HALIFAX – Concept plans for a new Halifax museum, Battle of the Atlantic Place, were unveiled today and the design is an exciting one. The new museum is being planned by the Canadian Naval Memorial Trust and will centre on HMCS Sackville.
The Sackville was just one of 123 Canadian Corvettes that went into service during World War II. During the War, Canada’s Corvettes hunted German submarines and protected convoys bound for the United Kingdom. They were instrumental in the Battle of the Atlantic and were one of our country’s major contributions to the War effort. HMCS Sackville is the last of Canada’s Corvettes and for the last two decades, the ship has been open to visitors in the summer from its berth at Sackville Wharf on the Halifax waterfront.
Now, the Canadian Naval Memorial Trust is planning to build a permanent museum to house the Sackville on the Wharf. The Sackville will be the signature exhibit in Battle of the Atlantic Place, but the museum will also include a Canso Flying Boat, interactive exhibits and a memorial hall for the over 5,000 Canadians who died at sea in the Battle of the Atlantic.
There is no more fitting a location for a Battle of the Atlantic museum than Halifax. Halifax was and still is a naval town. During the War, convoys bound for Europe would assemble in the safety of Halifax Harbour, but the fighting was never far away. Several ships were torpedoed right in the harbour approaches. Battle of the Atlantic Place is an opportunity for Halifax to create a national attraction that tells an important Canadian story.
The location at Sackville Wharf is ideally situated at the centre of the waterfront and in close proximity to the Maritime Museum. The design concept calls for lots of glass to create active frontage and the green roof could create additional outdoor space. From the plan, it appears that Battle of the Atlantic Place will block part of the harbour view from Sackville Street. Normally, this would be a bad idea. The view at the end of a street, its terminating vista, is an important planning consideration and the Halifax Regional Municipality emphasizes preserving harbour vistas. Battle of the Atlantic Place, however, isn’t just an ordinary building. It’s a museum and a memorial.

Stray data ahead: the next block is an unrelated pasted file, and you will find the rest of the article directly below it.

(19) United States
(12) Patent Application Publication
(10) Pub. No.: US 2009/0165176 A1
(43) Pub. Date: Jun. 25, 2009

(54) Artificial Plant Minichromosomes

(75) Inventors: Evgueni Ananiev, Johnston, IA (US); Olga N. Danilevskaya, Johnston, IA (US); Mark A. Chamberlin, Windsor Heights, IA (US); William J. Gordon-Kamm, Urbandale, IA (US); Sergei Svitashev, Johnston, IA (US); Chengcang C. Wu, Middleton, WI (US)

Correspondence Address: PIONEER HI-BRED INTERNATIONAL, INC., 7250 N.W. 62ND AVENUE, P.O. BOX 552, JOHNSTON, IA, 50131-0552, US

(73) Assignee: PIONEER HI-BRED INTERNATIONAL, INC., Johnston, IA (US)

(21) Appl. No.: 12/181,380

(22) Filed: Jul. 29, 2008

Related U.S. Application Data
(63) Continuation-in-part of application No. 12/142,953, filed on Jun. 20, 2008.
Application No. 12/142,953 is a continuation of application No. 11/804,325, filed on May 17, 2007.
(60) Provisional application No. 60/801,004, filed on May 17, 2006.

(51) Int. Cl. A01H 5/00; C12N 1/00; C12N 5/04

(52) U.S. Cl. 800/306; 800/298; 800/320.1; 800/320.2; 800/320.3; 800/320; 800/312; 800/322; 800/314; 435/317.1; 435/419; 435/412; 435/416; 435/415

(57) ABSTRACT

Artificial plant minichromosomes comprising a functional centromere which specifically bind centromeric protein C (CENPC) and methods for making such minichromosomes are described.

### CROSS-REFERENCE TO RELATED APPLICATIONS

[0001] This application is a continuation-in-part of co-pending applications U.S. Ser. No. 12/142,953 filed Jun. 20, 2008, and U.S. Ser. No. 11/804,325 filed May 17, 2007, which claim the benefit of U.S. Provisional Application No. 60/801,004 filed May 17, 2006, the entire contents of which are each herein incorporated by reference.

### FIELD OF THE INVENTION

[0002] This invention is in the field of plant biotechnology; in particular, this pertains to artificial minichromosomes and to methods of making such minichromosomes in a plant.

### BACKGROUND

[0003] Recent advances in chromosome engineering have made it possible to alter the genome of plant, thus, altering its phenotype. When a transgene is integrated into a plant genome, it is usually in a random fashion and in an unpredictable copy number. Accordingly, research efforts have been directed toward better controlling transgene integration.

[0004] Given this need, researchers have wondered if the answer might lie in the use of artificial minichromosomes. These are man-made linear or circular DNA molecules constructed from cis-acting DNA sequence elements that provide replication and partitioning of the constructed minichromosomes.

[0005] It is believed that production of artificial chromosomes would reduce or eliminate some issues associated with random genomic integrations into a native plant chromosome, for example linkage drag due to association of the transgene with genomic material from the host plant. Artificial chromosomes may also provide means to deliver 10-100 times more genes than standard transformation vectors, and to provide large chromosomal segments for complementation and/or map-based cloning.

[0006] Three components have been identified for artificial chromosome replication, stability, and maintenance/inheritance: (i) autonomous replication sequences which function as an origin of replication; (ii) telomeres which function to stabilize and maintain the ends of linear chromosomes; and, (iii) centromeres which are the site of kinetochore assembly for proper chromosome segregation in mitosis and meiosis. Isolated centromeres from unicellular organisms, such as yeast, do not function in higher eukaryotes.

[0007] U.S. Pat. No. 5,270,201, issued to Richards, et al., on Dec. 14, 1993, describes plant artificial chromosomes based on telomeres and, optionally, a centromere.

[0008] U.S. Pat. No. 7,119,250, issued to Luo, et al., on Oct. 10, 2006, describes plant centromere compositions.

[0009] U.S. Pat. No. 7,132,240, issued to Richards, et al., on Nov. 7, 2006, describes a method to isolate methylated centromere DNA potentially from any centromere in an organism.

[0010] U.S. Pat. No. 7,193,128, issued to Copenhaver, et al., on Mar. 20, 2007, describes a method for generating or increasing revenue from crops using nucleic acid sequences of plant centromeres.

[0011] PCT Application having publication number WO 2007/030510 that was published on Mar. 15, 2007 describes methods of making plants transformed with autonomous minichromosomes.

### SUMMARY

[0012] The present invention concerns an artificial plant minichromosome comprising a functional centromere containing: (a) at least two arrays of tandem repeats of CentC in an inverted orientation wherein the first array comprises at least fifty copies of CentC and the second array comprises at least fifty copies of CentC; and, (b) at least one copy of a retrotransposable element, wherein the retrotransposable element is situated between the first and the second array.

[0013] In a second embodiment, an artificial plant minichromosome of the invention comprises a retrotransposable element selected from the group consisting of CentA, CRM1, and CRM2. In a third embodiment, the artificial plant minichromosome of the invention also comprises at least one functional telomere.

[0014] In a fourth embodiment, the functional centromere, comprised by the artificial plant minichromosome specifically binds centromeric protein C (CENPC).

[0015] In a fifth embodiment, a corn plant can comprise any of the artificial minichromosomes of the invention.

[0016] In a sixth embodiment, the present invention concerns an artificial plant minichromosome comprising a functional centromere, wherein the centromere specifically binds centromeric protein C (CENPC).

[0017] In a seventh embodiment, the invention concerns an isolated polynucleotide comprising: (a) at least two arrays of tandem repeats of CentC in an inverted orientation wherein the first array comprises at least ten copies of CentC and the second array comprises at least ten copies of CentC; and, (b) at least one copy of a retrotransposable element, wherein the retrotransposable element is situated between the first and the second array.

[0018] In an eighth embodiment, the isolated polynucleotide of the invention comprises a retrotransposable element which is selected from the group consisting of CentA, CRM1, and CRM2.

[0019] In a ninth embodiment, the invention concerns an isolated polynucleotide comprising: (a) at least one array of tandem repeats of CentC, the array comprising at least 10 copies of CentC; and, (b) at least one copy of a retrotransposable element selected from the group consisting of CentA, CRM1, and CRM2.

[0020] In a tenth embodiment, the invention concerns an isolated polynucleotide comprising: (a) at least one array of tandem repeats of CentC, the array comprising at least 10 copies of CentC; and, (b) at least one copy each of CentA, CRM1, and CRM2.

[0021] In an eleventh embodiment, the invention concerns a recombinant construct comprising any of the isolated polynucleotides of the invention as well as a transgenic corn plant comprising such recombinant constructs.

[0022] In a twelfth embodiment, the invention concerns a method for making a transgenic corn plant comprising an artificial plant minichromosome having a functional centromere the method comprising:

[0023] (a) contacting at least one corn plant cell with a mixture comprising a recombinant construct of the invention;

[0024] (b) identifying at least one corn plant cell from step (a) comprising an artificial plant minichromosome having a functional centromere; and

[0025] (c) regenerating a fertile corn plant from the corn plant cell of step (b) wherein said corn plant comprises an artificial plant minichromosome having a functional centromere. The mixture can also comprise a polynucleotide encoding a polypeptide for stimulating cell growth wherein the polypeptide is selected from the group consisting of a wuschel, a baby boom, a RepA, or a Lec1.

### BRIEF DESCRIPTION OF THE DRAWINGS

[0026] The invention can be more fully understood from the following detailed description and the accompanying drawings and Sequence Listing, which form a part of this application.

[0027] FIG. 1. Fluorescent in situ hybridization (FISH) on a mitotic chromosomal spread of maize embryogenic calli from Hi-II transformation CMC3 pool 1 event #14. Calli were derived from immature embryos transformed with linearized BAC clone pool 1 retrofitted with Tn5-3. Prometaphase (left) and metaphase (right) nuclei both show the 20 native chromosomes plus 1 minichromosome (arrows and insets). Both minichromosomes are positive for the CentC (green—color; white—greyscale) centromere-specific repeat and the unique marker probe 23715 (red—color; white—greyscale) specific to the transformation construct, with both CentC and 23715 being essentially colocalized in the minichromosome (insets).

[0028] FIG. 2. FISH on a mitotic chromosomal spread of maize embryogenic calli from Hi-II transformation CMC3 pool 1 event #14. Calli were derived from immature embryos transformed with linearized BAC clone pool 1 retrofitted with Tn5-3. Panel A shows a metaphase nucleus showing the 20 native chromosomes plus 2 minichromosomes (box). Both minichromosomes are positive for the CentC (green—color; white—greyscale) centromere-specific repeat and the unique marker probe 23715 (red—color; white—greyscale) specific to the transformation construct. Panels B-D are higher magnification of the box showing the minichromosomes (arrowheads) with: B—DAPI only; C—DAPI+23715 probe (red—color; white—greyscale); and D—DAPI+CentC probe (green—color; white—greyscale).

For centuries, city builders have laid out cities to emphasize important public buildings through the use of terminating vistas. Province House in Charlottetown and Queens Park in Toronto are examples of good terminating vistas. Battle of the Atlantic Place is a worthy continuation of this tradition. The designers should be credited for keeping the portion that will jut into the Sackville Street vista short, while still giving it some flair, with a ship-like prow. By keeping the height low on that portion of the museum, Sackville Street’s natural slope will ensure the harbour is still visible behind the Battle of the Atlantic Place from farther up the hill.
If all goes according to plan, the Trust hopes to have the fundraising complete and Battle of the Atlantic Place open for Canada’s 150th anniversary of Confederation.